The illustration shows a woman sitting on the floor with a hand cover her face and thoughts spiraling around her as she deals with a panic attack. The intention is to explain how to mange panic disorder.

How to Manage Your Panic Disorder

Panic is one of the more upsetting emotions that an individual can experience, and individuals with panic disorder unfortunately experience this on a relatively frequent basis. For this reason, learning how to manage your panic disorder is essential for allowing those with this condition to live a more normal existence.

Not every individual who experiences panic attacks has panic disorder, and often, it takes consultation with a trained psychological specialist to determine whether or not this diagnosis fits you. If you have or suspect you have panic disorder, take a look at this guide on the condition and reach out to trained panic disorder specialists in Los Angeles. 

What is Panic Disorder?

Mental health professionals generally list the following symptoms as indicative of true panic disorder rather than the occasional panic attack. If you are experiencing any of the following symptoms, you may have or be developing panic disorder.

  • You have frequent panic attacks that onset without warning.
  • You have ongoing worries about having another panic attack.
  • You avoid situations that you believe might trigger a panic attack.
  • Drugs, substance abuse, or a medical condition do not cause your panic attacks.
  • You do not have other mental health disorders, such as various phobias or OCD.

Individuals who are prone to having panic attacks but do not necessarily have panic disorder can still be sensitive to developing this psychological disorder in the future if symptoms are left untreated.

Treatments for Panic Disorder

Proper treatment of panic disorder can help to reduce the intensity and frequency of panic attacks and improve the overall quality of life that a patient experiences. The two primary methods of treatment are cognitive behavior therapy and medications, though patients often utilize a combination of the two.

Cognitive behavior therapy is considered the first line of defense for patients, as it is generally less invasive than many medications. Cognitive behavior therapy can help you understand the underlying cause of your panic attacks, as well as the most effective methods for you to manage them personally. 

Additionally, cognitive behavior therapy can help you recognize that panic attacks are not actually actively dangerous to you. Rather, they are a figment of the mind. This awareness can help a patient reduce the severity of their attacks.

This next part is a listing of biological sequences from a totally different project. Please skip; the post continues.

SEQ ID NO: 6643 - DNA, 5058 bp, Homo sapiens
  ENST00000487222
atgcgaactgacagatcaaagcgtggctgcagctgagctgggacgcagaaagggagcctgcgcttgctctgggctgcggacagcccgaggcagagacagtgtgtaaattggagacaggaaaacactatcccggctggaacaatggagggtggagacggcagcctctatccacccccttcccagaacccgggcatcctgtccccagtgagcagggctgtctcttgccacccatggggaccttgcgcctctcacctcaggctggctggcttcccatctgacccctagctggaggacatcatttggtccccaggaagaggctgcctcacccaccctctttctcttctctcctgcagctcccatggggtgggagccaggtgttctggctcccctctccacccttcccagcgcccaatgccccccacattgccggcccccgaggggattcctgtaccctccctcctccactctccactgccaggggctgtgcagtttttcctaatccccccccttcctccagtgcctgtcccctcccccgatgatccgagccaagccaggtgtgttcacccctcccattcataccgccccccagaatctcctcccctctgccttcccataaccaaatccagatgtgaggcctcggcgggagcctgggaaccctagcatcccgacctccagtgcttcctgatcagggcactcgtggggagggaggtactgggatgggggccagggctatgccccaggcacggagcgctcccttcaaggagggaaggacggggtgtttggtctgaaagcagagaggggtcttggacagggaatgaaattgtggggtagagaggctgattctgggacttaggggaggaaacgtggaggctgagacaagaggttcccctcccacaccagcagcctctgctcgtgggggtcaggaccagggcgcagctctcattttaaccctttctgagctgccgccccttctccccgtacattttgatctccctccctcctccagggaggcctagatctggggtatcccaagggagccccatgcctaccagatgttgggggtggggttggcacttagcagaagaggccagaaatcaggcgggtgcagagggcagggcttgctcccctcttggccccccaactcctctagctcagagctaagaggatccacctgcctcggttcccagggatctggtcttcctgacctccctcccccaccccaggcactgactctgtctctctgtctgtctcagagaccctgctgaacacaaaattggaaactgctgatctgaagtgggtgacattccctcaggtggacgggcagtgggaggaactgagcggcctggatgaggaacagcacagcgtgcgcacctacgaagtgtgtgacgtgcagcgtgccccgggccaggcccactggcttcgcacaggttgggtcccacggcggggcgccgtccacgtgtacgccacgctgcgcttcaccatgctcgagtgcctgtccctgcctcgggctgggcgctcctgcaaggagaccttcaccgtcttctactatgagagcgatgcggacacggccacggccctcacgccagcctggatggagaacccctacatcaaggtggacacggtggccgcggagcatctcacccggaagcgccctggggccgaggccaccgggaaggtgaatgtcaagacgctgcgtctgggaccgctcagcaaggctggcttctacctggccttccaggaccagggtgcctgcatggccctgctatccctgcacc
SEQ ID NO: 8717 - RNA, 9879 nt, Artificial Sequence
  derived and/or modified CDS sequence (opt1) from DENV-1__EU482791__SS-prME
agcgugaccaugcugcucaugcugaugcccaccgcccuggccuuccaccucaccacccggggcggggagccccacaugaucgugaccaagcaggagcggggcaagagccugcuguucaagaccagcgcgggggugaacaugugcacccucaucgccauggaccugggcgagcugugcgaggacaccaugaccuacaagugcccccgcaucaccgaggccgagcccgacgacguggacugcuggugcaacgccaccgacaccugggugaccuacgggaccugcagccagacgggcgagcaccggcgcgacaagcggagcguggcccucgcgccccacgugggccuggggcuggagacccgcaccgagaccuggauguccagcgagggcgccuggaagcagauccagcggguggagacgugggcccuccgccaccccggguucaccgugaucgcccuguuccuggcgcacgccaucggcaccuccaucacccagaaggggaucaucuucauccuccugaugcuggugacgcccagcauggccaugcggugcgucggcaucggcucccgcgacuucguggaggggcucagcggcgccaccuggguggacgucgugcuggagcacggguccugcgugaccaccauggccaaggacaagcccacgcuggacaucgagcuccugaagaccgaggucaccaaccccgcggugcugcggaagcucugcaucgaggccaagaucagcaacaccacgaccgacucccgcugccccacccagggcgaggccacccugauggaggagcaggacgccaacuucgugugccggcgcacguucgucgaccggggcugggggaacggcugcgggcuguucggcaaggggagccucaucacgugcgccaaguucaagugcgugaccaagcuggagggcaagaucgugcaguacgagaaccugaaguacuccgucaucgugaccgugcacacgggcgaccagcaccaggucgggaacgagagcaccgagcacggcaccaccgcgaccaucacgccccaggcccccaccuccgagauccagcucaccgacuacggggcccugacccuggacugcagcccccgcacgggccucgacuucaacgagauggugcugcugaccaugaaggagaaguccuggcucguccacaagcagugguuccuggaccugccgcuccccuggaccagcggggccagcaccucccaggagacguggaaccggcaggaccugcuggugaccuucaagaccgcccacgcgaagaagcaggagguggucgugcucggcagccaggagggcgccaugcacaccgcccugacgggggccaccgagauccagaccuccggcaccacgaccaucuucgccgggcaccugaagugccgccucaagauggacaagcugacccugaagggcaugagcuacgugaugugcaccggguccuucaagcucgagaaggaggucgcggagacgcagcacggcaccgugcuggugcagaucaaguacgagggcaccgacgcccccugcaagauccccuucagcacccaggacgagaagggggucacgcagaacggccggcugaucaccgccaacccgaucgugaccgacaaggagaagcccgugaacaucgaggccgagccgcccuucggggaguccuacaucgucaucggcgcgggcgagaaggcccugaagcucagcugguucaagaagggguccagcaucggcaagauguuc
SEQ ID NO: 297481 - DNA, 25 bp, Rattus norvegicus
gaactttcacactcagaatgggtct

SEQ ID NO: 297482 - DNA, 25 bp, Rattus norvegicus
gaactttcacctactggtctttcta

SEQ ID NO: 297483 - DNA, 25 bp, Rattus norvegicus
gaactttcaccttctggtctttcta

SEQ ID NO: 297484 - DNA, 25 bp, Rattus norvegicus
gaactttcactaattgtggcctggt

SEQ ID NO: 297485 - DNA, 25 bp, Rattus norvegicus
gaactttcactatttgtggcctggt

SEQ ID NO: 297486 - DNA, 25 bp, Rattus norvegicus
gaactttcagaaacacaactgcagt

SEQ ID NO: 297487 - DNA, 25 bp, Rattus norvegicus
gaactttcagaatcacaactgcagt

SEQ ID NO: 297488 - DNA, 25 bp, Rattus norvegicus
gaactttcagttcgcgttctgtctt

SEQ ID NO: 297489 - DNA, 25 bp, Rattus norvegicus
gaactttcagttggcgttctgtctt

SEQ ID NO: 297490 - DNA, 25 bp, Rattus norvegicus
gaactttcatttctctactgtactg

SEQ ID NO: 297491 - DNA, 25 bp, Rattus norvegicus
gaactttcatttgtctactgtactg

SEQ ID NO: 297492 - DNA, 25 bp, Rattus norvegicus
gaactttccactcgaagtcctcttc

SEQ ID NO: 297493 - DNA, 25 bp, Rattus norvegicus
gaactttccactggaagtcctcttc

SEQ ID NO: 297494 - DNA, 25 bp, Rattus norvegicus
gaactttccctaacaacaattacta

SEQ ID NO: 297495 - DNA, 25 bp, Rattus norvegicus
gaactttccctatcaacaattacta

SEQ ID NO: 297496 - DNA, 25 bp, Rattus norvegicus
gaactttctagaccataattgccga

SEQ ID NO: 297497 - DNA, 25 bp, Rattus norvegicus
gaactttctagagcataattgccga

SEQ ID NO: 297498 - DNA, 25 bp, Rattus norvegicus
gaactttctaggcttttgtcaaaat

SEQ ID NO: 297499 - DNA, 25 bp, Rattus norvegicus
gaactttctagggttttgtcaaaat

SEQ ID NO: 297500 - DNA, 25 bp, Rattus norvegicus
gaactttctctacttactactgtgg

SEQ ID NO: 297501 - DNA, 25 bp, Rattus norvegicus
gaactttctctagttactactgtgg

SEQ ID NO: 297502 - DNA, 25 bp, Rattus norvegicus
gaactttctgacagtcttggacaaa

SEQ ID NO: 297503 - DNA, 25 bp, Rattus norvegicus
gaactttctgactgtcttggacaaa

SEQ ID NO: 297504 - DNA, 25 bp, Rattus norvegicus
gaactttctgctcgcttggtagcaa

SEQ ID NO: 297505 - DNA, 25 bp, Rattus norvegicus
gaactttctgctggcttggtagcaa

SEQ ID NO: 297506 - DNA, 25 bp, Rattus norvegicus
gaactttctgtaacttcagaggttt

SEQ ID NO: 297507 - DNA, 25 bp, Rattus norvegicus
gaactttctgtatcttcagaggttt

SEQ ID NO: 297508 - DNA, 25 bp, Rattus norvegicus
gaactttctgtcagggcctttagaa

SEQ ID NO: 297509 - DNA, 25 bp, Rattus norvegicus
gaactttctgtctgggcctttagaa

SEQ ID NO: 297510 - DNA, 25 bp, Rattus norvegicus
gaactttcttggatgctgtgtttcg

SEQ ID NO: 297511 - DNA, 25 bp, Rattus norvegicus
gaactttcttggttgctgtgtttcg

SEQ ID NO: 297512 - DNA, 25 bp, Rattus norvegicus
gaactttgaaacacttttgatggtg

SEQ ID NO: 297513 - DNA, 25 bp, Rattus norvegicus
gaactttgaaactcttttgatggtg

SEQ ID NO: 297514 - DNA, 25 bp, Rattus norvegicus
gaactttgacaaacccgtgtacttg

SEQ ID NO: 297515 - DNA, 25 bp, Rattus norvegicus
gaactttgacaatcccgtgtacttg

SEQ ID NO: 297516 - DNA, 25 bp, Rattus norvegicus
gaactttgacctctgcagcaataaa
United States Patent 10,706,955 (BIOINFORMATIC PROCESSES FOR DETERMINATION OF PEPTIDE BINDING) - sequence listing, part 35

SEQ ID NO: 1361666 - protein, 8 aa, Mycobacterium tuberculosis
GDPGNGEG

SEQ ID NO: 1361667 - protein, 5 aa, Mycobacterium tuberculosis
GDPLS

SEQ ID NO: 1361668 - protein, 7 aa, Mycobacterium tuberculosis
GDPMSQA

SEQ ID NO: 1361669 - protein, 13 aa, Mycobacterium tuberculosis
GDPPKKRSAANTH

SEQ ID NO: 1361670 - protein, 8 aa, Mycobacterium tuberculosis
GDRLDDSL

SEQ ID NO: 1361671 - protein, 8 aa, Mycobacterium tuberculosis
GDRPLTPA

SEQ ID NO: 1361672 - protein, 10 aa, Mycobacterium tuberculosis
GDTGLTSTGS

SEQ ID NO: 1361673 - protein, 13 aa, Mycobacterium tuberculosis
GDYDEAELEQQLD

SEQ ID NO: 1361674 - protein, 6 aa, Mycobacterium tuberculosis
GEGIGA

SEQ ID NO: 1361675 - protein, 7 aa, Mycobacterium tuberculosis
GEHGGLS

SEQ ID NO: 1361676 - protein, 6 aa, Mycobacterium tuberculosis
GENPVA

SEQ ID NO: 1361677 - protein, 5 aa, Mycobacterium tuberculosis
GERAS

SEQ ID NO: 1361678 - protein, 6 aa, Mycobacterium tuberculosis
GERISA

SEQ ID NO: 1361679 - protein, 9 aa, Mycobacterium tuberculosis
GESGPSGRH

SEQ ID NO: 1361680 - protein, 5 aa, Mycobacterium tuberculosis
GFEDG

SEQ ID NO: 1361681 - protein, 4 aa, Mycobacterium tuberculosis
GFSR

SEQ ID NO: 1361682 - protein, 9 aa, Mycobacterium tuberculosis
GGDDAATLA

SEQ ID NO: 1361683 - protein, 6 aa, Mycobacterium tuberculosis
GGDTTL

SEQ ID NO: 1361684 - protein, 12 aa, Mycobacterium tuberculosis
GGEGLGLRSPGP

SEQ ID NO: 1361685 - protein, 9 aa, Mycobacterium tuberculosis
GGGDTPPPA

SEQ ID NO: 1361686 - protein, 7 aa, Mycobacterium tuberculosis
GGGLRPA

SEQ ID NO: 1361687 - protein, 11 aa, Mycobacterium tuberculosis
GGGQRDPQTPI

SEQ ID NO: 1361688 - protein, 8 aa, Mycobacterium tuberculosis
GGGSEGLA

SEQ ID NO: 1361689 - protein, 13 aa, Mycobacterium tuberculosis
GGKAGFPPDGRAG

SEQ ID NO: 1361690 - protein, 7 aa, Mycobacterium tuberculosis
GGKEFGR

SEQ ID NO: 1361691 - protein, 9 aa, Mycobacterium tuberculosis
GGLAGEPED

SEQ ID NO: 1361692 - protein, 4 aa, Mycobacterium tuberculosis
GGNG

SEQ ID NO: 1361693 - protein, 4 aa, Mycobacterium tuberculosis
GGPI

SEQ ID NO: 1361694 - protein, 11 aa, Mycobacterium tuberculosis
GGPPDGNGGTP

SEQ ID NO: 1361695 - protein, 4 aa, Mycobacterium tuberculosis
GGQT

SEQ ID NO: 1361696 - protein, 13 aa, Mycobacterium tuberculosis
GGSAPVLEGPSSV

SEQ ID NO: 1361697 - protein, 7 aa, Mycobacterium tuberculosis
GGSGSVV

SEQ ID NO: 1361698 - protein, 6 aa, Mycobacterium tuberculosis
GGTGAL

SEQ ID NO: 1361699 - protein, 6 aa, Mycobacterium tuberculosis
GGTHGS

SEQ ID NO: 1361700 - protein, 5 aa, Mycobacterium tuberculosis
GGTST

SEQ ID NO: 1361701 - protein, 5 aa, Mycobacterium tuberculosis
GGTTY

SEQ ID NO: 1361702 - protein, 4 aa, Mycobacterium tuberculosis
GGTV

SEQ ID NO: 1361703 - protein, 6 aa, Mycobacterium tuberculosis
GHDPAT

Medication for Panic Disorder

Medications can reduce the symptoms of panic attacks should cognitive behavior therapy be insufficient. Several different types of medications can be used in this regard:

  • SSRIs: This is a very commonly prescribed class of antidepressants. These are generally the first class of medications that are prescribed for the treatment of panic attacks and panic disorder. Some of the most commonly prescribed include Prozac, Paxil, and Zoloft.
  • SNRIs: This is another class of antidepressants that is commonly used in the treatment of panic disorder. These may be useful for patients who are sensitive to the effects of SSRIs.
  • Benzodiazepines: These are a class of sedative drugs that depress the central nervous system. Benzodiazepines are typically only used on a short-term basis. They can be habit-forming and interact with other drugs and alcohol.

Most serious medications carry side effects, so you will need to discuss with your physician which type would be appropriate for your situation. You should be careful with your selection of medication, as the wrong choice can create more problems than it solves in the long run.

How to Manage Your Panic Disorder

You can take steps to manage panic disorder at home, which may circumvent the need for more serious treatments. Take a look at the following steps that you can take to attempt to manage your condition:

  • Get plenty of exercise.
  • Get plenty of high-quality sleep.
  • Avoid caffeine, smoking, drugs, and excessive alcohol use.
  • Consider joining a support group.
  • Take all your doctor’s advice very seriously.

Adopting some or all of these habits should reduce the frequency and severity of your panic attacks and the likelihood that you will need cognitive behavior therapy treatment or medication later. This, in turn, can save you trouble moving forward with your general management of the condition.

The Best Cognitive Behavior Therapy in LA 

Cognitive Behavior Associates is one of the most trusted resources for cognitive behavior therapy in Los Angeles. If you have panic disorder, contact our panic disorder specialist today to set up an appointment and begin managing your life to a higher degree.